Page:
Pro­test­ers con­verge on two malls

Crowd an­gry at ac­quit­tal of ex-St. Louis of­fi­cer in fa­tal shoot­ing

Northwest Arkansas Democrat-Gazette - - NATIONAL - JIM SALTER AND SUM­MER BALLENTINE

ST. LOUIS — Noisy demon­stra­tors marched through two malls in an up­scale area of subur­ban St. Louis on Satur­day to protest the ac­quit­tal of a white for­mer St. Louis of­fi­cer in the shoot­ing of a black man, pick­ing up after a night of mostly peace­ful demon­stra­tions that es­ca­lated into scat­tered acts of van­dal­ism and vi­o­lence.

A few hun­dred people walked through West County Cen­ter in Des Peres, an up­scale com­mu­nity west of St. Louis, loudly chant­ing slo­gans such as “black lives mat­ter” and “it is our duty to fight for our free­dom” to de­cry the judge’s ver­dict Fri­day clear­ing ex-St. Louis po­lice of­fi­cer Ja­son Stock­ley of first-de­gree mur­der in the 2011 shoot­ing death of An­thony La­mar Smith. A short time later, they demon­strated at Ch­ester­field Mall and at a fes­ti­val fea­tur­ing restau­rant food from across the re­gion. No ar­rests were re­ported at any of the demon­stra­tions.

The mall protests fol­lowed rau­cous day­time marches in down­town St. Louis and through the city’s posh Central West End area dur­ing the night. Pro­test­ers were mak­ing it clear, they said, that the en­tire re­gion, not just pre­dom­i­nantly black ar­eas of St. Louis, should feel un­com­fort­able with the ver­dict and its im­pact.

“I don’t think racism is go­ing to change in Amer­ica un­til people get un­com­fort­able,” said Kayla Reed of the St. Louis Ac­tion Coun­cil, a protest or­ga­nizer.

Smith’s death is just one of sev­eral high-pro­file U.S. cases in re­cent years in which a white of­fi­cer killed a black sus­pect, in­clud­ing the 2014 killing of Michael Brown in nearby Fer­gu­son that sparked months of an­gry and some­times vi­o­lent protests.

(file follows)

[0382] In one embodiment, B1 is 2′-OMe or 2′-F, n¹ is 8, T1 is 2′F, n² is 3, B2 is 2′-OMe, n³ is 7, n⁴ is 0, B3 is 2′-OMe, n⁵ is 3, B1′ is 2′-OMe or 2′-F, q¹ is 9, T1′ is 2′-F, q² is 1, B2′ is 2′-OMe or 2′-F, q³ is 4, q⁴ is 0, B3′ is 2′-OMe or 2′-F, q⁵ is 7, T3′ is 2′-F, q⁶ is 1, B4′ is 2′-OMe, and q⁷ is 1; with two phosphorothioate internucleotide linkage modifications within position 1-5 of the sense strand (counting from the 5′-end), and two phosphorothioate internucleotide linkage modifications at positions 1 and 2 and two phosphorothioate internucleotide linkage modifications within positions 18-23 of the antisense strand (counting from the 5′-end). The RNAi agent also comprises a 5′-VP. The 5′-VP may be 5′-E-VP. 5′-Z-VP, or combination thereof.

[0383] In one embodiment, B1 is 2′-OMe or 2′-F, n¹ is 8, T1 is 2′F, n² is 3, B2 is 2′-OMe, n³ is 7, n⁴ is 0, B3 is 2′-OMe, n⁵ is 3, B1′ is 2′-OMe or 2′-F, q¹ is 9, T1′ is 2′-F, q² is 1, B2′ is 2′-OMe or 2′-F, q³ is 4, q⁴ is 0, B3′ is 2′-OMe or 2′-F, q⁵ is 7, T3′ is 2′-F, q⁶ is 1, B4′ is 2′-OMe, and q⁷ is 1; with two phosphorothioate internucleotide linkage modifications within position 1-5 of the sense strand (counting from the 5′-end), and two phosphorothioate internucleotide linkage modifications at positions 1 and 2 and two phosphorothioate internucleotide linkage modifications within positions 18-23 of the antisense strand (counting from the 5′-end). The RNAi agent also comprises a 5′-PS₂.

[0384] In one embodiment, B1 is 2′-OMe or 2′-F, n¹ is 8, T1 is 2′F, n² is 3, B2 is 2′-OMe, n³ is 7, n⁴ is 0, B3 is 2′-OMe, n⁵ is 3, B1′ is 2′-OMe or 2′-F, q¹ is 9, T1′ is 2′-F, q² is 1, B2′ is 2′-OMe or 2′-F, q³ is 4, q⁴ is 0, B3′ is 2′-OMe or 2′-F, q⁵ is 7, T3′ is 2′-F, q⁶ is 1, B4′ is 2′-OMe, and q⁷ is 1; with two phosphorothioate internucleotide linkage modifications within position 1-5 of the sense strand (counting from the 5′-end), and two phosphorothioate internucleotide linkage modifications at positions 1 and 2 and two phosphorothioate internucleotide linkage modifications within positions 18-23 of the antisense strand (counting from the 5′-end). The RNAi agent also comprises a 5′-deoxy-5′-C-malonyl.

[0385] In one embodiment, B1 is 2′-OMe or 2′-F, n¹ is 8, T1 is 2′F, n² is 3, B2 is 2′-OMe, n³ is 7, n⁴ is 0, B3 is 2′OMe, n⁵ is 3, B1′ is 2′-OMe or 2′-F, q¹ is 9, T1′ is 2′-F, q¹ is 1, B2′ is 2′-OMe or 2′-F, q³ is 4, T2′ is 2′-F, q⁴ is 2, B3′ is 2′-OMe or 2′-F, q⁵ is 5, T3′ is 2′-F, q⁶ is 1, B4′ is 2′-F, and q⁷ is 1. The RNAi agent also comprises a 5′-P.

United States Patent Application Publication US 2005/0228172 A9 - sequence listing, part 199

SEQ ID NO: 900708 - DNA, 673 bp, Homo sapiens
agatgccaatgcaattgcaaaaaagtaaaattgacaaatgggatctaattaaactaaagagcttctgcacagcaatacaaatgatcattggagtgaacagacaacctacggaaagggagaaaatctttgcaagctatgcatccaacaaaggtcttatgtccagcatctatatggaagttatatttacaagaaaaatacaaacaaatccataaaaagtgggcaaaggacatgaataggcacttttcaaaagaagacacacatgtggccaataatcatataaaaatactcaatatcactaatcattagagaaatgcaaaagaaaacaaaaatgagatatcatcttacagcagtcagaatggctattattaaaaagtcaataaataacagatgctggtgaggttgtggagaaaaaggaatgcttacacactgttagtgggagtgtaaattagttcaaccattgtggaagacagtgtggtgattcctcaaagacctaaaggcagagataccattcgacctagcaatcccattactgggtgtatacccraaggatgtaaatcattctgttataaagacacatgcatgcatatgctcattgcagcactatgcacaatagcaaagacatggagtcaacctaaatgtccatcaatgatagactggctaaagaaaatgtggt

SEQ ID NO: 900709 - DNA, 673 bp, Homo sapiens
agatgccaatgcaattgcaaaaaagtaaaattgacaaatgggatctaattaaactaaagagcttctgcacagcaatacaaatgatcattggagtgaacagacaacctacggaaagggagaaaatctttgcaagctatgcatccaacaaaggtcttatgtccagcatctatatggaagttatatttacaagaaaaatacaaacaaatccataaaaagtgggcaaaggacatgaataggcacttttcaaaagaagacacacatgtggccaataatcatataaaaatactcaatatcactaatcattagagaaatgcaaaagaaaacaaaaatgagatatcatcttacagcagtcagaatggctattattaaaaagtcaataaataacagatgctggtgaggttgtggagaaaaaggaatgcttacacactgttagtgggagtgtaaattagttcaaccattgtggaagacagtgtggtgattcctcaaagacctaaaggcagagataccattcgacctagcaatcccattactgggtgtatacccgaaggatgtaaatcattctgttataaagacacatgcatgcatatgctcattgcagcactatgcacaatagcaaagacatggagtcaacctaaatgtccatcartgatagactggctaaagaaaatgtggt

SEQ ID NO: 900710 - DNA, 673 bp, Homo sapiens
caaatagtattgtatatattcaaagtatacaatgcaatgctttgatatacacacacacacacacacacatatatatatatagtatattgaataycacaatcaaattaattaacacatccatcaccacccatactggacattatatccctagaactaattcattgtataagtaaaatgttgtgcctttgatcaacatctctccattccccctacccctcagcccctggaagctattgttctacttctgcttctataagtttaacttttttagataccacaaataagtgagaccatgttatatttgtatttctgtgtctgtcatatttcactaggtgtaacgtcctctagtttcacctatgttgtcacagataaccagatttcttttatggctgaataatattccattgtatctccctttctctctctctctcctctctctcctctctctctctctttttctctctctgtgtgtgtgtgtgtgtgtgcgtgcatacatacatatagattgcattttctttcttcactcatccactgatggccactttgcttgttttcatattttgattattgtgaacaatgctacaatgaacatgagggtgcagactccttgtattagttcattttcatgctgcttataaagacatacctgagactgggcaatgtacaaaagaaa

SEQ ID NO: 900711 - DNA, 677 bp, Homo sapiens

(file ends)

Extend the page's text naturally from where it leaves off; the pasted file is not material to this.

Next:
The U.S. De­part­ment of Jus­tice said Satur­day it will not open a new civil rights in­ves­ti­ga­tion into the case. The head of the NAACP St. Louis had asked for a federal in­ves­ti­ga­tion. Jus­tice De­part­ment spokesman Lau­ren Ehrsam said the de­part­ment con­cluded in September 2016 that ev­i­dence did not sup­port pros­e­cu­tion un­der crim­i­nal civil rights statutes, but did not an­nounce it pub­licly un­til now to avoid im­pact­ing the state crim­i­nal case.

Repub­li­can Gov. Eric Gre­it­ens was highly crit­i­cal dur­ing his 2016 cam­paign of how for­mer Demo­cratic Gov. Jay Nixon man­aged the Fer­gu­son protests, sug­gest­ing that with the right pres­ence and lead­er­ship there could have been peace by the sec­ond night.

In ad­vance of the Stock­ley ver­dict, Gre­it­ens met with Smith’s fi­ancee, black state law­mak­ers, black St. Louis faith lead­ers and law en­force­ment in the hopes of pro­ject­ing a shared mes­sage that peace­ful protest would be tol­er­ated but vi­o­lence wouldn’t.